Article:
• In areas where biogenic emissions are oxidized in the presence of anthropogenic pollutants such as SO2, NOx, and black carbon, it has become increasingly apparent that secondary organic aerosol (SOA) formation from biogenic volatile organic compounds (VOCs) is substantially enhanced. Research is urgently needed to elucidate fundamental processes of natural and anthropogenically influenced VOC oxidation and the contribution of these processes to SOA formation. GoAmazon 2014/15 afforded study of the chemical transformations in the region downwind of Manaus, Brazil, where local biogenic VOC emissions are high, and their chemical oxidation can be studied both inside and outside of the urbanmore » plume to differentiate the role of anthropogenic influence on secondary aerosol formation during oxidation of these natural VOC emissions. To understand the connection between primary biogenic VOC emissions and their secondary products that form aerosols, we made time-resolved molecular level measurements by deploying a Semi-Volatile Thermal Desorption Aerosol Gas Chromatograph (SV-TAG) and a sequential filter sampler during two intensive operational periods (IOPs) of the GoAmazon 2014/15 field campaign. The SV-TAG measured semi-volatile organic compounds in both the gas and particle phases and the sequential filter sampler collected aerosols on quartz fiber filters in four-hour increments used for offline analysis. SV-TAG employed novel online derivatization that provided chemical speciation of highly oxygenated or functionalized compounds that comprise a substantial fraction of secondary organic aerosols, yet are poorly characterized. It also provided partitioning of these compounds between the vapor and particle phases at sufficient time resolution to define the importance of competing atmospheric processes. These measurements were supported by offline analysis of the filters using two-dimensional gas chromatography (GC x GC) with high-resolution time-of-flight mass spectrometry (HR-TOF-MS) using both electron impact (EI) and soft vacuum ultraviolet (VUV) ionization with derivatization. Speciated chemical data from SV-TAG and filter measurements were used to elucidate the relative importance of potential oxidation pathways by providing detailed information on the product distribution from atmospheric reactions and the quantification of known tracers for various oxidation pathways. Together, these techniques provided unequivocal molecular identification of a wide range of atmospheric organic compounds spanning the volatile, semi-volatile, and non-volatile phases. This level of chemical characterization provided insight into the chemical and physical processes that control the atmospheric oxidation of biogenic VOC and subsequent formation of SOA.« less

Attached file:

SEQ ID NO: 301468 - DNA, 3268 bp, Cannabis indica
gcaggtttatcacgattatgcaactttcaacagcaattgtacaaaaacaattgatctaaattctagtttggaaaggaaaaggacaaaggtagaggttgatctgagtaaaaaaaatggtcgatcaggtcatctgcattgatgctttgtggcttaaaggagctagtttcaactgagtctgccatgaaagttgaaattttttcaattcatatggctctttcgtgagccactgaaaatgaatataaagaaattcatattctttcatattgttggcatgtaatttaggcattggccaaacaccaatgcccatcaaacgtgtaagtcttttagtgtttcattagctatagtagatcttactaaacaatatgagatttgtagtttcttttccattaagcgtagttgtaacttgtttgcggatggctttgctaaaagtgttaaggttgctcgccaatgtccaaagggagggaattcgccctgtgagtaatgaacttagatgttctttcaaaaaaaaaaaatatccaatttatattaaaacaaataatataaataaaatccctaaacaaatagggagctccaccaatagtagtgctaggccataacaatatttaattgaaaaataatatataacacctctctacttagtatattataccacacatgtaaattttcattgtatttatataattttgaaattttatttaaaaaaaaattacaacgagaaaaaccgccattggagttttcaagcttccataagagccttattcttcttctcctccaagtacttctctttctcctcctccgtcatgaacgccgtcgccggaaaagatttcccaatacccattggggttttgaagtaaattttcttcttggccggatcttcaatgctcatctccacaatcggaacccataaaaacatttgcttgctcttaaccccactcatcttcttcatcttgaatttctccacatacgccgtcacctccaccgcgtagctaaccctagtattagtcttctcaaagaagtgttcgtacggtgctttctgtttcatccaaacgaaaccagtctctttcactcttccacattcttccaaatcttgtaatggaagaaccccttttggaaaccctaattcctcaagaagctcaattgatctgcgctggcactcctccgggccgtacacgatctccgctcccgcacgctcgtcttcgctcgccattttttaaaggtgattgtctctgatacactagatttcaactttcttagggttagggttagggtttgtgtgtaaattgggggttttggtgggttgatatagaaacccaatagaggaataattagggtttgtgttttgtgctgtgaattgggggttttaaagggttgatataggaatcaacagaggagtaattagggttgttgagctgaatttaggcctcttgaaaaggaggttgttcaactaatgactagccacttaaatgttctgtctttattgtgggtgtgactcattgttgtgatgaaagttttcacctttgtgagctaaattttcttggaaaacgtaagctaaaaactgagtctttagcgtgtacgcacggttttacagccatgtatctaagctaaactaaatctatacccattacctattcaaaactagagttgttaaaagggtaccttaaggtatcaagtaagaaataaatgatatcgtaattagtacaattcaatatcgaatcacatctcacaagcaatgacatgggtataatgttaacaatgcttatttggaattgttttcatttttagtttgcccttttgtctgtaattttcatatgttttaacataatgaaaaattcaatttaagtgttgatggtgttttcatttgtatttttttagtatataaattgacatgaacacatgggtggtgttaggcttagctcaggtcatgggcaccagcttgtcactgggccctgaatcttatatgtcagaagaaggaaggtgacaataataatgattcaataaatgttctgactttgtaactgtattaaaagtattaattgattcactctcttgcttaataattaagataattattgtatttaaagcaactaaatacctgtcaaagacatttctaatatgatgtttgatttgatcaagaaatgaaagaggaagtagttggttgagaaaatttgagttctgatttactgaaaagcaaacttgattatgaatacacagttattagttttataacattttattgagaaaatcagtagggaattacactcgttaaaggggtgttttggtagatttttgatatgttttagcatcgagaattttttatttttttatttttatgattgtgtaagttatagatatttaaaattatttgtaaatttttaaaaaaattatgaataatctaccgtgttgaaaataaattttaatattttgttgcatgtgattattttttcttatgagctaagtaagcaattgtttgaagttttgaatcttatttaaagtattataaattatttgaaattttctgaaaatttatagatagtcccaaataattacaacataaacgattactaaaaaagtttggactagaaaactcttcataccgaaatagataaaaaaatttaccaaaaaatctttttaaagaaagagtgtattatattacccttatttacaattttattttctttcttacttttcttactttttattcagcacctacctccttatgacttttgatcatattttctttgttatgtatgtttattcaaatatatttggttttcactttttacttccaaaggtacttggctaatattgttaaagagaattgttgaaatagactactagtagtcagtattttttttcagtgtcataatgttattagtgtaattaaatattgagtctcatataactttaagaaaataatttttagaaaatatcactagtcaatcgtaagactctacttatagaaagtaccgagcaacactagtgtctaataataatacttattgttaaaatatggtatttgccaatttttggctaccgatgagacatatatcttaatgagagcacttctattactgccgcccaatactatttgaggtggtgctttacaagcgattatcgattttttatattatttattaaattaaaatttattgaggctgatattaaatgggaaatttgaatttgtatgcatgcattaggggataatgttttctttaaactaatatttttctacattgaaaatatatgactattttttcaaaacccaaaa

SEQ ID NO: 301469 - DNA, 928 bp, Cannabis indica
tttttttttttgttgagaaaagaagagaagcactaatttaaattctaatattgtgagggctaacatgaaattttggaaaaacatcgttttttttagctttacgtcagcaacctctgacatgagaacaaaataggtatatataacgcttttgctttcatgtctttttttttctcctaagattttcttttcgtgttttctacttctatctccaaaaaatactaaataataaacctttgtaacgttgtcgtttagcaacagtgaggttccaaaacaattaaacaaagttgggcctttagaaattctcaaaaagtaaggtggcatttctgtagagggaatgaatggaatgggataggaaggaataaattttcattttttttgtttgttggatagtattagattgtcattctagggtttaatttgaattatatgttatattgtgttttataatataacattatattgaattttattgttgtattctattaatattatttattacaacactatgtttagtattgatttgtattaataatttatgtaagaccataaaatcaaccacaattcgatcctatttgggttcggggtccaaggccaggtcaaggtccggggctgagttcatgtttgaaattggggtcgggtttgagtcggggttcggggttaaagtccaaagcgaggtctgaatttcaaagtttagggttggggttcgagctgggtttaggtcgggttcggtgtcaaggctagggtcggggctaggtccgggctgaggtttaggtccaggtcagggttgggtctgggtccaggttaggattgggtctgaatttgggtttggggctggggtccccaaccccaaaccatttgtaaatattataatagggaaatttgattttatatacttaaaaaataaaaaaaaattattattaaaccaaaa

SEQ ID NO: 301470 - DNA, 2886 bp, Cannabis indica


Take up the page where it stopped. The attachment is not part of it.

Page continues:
• The University of California, Irvine, science team (Dr. Saewung Kim, Dr. Roger Seco, Dr. Alex Guenther, and Dr. Jim Smith) deployed a chemical ionization mass spectrometer system for hydroxyl radical (OH) and sulfuric acid quantifications. As part of the GoAmazon 2014/15 field campaign. Hydroxyl radical determines tropospheric oxidation capacity and had been expected to be very low in the pristine rain forest region such as the Brazilian Amazon because of the presence of significant levels of highly reactive biogenic volatile organic compounds and very low levels of NO, which is an OH recycling agent. However, several recent in situ OHmore » observations provided by a laser-induced fluorescence system reported unaccountably high OH concentrations. To address this discrepancy, a series of laboratory and theoretical studies has postulated chemical reaction mechanisms of isoprene that may regenerate OH in photo-oxidation processes. Along with these efforts, potential artifacts on the laser induced fluorescence system from isoprene and its oxidation products also have been explored. Therefore, the first chemical ionization mass spectrometer observations at the U.S. Department of Energy (DOE) Atmospheric Radiation Measurement (ARM) Climate Research Facility’s T3 site in Manacapuru, Brazil, are expected to provide a critical experimental constraint to address uncertainty in constraining oxidation capacity over pristine rain forest environments. In addition, we deployed a National Center for Atmospheric Research (NCAR) proton transfer reaction time-of-flight mass spectrometer to characterize atmospheric volatile organic compound levels, especially isoprene and its oxidation products, which are critical input parameters for box modeling to simulate OH with different isoprene photo-oxidation schemes. As there has been no report on noticeable new particle formation events, our first in situ sulfuric acid observations in the Amazon rain forest were expected to constrain the reasons behind such observations. The planned field observations during Intensive Observational Periods I and II, post-field campaign calibrations, and preliminary data reports have been completed. We presented preliminary data analysis results at the 2014 American Geophysical Union Fall meeting and the GOAmazon Science Meeting in Boston (May 2015). We are in the process of submitting two more abstracts to the 2015 American Geophysical Union fall meeting while we are preparing two manuscripts to be submitted to (tentatively) the GOAmazon special issue of Atmospheric Chemistry and Physics.« less